Why Do Bulldogs Sleep So Much?
If you have a bulldog, what do you think he’s probably doing right this minute? We’re willing to bet most bully owners answered with “sleeping”! Experts aren’t sure exactly why bulldogs snooze so much, but they average about 12 hours of shuteye a day.
A Lack of REM Sleep
Why do bulldogs sleep so much? Here’s one popular theory: Your average human spends about 25 percent of their sleep in the deep Rapid Eye Movement (REM) stage. This is because, unlike dogs, humans don’t get the luxury of taking naps during the day and have to catch all their Zs in one long stretch at night. Bulldogs, on the other hand, only spend 10 percent of their dozing time in the restorative REM stage due to their shorter sleep stints. In a nutshell, that means our bulldogs have to log in a lot more snooze time to reap the benefits their humans get during one night of sound sleep.
The Genetic Factor
The bulldog’s wild ancestors were nocturnal, hunting under the cover of darkness and resting while the sun was up. After humans decided to domesticate canines, dogs had to adapt by changing their habits to fit their family’s schedule, and that meant sleeping through the night. Their wild wolf cousins still get to howl at the moon while our bulldogs are nice enough to keep it to a low snore when their owners are in bed.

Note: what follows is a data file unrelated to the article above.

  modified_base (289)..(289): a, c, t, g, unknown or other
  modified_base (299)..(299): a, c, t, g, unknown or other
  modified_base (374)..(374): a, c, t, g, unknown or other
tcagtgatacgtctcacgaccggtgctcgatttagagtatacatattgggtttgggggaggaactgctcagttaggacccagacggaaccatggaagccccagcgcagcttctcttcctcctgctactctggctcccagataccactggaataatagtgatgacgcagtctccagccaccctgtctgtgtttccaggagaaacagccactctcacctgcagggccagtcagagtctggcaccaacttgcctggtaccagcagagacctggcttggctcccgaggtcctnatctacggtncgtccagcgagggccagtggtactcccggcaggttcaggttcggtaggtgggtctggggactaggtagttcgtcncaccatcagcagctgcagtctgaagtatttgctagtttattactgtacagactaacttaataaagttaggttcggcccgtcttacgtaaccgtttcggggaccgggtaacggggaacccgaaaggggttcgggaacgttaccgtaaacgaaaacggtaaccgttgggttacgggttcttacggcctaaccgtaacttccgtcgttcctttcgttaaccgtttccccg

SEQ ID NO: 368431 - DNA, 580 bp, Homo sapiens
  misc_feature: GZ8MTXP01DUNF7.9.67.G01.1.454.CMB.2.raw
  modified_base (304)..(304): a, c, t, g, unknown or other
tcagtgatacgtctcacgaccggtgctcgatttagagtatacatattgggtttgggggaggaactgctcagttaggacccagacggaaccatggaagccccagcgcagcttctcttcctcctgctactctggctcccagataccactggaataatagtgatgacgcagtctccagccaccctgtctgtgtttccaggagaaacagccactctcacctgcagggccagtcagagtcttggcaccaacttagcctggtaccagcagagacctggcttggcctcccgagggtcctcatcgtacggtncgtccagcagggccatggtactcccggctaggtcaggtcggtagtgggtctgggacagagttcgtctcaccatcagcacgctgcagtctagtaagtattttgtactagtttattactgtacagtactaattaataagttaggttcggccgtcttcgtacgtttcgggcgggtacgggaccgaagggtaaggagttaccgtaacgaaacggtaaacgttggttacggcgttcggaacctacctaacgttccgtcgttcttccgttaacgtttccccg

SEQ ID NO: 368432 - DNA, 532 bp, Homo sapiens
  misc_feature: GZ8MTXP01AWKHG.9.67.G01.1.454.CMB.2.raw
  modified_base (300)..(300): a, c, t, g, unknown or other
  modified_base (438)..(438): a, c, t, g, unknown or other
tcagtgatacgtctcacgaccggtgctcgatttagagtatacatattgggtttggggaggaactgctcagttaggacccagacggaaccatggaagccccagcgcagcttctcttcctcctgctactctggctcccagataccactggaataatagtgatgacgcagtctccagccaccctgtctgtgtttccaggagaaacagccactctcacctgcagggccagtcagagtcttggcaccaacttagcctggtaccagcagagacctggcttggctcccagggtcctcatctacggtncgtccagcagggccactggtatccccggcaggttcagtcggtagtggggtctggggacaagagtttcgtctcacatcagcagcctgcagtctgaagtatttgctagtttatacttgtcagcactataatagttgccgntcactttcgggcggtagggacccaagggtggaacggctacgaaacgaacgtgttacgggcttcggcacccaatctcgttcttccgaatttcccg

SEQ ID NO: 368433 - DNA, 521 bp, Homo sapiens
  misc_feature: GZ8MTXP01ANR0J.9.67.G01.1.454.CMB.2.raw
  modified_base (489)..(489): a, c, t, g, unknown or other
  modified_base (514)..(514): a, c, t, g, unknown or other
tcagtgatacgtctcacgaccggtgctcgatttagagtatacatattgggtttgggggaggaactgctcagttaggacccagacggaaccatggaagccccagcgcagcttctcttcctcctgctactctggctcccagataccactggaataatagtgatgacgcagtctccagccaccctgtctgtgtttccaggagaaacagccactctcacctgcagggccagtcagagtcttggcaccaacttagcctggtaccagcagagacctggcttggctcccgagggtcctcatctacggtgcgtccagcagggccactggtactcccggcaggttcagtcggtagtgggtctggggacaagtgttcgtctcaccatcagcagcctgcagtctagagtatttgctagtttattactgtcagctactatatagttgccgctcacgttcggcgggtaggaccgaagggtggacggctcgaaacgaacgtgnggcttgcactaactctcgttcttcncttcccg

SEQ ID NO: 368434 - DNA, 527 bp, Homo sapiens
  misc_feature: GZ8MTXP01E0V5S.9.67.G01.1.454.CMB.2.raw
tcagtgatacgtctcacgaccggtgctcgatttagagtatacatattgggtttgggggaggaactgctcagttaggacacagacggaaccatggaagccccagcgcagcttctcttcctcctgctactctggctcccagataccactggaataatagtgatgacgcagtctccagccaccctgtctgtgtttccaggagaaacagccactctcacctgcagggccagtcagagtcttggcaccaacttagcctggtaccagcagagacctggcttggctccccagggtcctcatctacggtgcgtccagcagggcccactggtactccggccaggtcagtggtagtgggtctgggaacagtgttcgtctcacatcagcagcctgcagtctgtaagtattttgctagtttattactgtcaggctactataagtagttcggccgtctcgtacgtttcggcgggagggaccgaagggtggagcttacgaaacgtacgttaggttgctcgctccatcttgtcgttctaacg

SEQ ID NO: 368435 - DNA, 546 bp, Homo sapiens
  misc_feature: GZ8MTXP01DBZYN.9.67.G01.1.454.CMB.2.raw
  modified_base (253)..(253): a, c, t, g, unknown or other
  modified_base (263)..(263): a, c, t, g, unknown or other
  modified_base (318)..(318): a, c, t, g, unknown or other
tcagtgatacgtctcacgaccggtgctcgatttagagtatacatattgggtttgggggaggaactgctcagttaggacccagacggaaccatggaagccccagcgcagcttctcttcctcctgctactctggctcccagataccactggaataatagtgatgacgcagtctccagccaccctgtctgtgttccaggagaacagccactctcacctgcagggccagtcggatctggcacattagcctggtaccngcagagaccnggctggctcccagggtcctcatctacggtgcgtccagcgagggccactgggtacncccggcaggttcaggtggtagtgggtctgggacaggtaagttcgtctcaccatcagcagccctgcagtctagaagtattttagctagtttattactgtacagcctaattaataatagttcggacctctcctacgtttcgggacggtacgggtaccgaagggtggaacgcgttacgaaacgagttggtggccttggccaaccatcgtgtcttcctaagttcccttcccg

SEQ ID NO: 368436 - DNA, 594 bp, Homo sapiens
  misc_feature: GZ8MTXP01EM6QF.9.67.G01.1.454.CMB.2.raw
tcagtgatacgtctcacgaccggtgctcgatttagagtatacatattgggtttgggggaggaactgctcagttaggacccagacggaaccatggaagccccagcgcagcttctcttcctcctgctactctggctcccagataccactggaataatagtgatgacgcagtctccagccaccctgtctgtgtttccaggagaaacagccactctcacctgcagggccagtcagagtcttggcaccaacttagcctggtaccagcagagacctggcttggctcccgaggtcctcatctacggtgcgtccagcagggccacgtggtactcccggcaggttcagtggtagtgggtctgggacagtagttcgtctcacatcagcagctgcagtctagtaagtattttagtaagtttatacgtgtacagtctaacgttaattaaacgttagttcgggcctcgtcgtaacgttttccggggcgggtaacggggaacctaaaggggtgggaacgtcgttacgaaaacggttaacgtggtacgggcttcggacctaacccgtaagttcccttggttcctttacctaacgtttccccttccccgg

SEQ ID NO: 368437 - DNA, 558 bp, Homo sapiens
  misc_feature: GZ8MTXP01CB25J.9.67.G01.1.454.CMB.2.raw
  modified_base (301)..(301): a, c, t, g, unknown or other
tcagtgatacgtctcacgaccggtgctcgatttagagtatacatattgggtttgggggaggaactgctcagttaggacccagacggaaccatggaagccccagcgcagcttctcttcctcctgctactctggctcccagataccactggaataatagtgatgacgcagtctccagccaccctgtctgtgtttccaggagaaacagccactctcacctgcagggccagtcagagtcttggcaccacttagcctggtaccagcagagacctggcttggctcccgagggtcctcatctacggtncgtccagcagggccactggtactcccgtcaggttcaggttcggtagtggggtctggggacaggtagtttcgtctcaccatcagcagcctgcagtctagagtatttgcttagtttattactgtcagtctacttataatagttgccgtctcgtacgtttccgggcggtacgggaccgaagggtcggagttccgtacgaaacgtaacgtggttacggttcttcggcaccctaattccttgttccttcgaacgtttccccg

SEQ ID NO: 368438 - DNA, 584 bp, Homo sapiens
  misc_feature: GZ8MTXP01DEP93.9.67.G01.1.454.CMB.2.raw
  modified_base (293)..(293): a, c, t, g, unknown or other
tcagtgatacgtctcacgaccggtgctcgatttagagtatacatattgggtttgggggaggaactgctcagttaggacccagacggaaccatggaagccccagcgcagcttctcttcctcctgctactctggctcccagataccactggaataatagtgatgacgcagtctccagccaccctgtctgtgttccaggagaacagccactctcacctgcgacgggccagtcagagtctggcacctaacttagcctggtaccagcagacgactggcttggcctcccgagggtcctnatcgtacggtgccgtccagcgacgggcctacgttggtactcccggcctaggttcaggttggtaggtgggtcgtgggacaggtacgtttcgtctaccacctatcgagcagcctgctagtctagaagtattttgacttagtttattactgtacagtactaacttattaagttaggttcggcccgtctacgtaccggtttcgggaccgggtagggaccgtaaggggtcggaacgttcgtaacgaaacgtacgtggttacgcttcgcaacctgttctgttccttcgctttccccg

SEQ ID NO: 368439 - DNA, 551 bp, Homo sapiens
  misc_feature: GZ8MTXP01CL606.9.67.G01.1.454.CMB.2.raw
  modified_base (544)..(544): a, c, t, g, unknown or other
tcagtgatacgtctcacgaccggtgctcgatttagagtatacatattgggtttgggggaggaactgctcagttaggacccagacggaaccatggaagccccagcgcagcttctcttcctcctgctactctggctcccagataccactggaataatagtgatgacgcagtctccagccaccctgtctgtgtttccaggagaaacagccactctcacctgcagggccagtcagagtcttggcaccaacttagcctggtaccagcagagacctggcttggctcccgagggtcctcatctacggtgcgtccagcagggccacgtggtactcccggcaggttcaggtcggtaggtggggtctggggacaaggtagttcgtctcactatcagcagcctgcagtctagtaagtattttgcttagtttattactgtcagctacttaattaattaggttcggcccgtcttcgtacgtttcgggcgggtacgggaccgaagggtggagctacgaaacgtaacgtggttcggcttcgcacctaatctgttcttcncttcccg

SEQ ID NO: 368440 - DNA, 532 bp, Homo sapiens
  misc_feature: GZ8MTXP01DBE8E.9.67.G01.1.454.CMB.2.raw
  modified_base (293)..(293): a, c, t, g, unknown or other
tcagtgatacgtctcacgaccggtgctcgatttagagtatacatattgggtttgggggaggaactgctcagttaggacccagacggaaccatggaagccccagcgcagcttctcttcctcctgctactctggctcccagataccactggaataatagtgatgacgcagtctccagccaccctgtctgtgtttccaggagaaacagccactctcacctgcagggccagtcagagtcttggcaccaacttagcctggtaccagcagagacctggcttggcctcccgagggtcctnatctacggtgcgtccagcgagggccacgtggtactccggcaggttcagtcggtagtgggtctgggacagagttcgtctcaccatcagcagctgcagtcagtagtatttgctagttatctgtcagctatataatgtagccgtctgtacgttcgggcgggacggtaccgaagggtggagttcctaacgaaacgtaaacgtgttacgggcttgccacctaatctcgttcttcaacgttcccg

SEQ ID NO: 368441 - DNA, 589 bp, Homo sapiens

How Much Sleep is Normal?
The average dog sleeps for 12 to 14 hours a day. Puppies need 18 to 20 hours a day since they wear themselves out running and playing. Older dogs and certain breeds on both ends of the size spectrum need more rest. Giant breeds like Newfoundlands, Mastiffs, Saint Bernards, Great Pyrenees, and Great Danes clock in the most nap time.
A Dog’s Day
Bulldogs spend 50 percent of the day asleep, 30 percent hanging around the house, and only around 20 percent being active. Unlike their human buddies, dogs are flexible sleepers who can easily pop up when they need to (like when the mailman is at the door) and snooze when they’re bored. A hard day’s work, like that of a police dog or one who herds sheep, means less sleep since they have more to do than the average Chihuahua who lounges the day away on the couch.
When To Be Concerned
While your bulldog’s sleep schedule can vary from day to day, there’s usually no reason to be worried about all the snooze time he’s getting. A red flag would be if your usually active dog suddenly sleeps all day long, if he becomes difficult to wake up, or if he goes the other extreme and is staying awake and anxious most of the time. Then you would need to take the pooch to your veterinarian to rule out any major health problems and help get him back on track.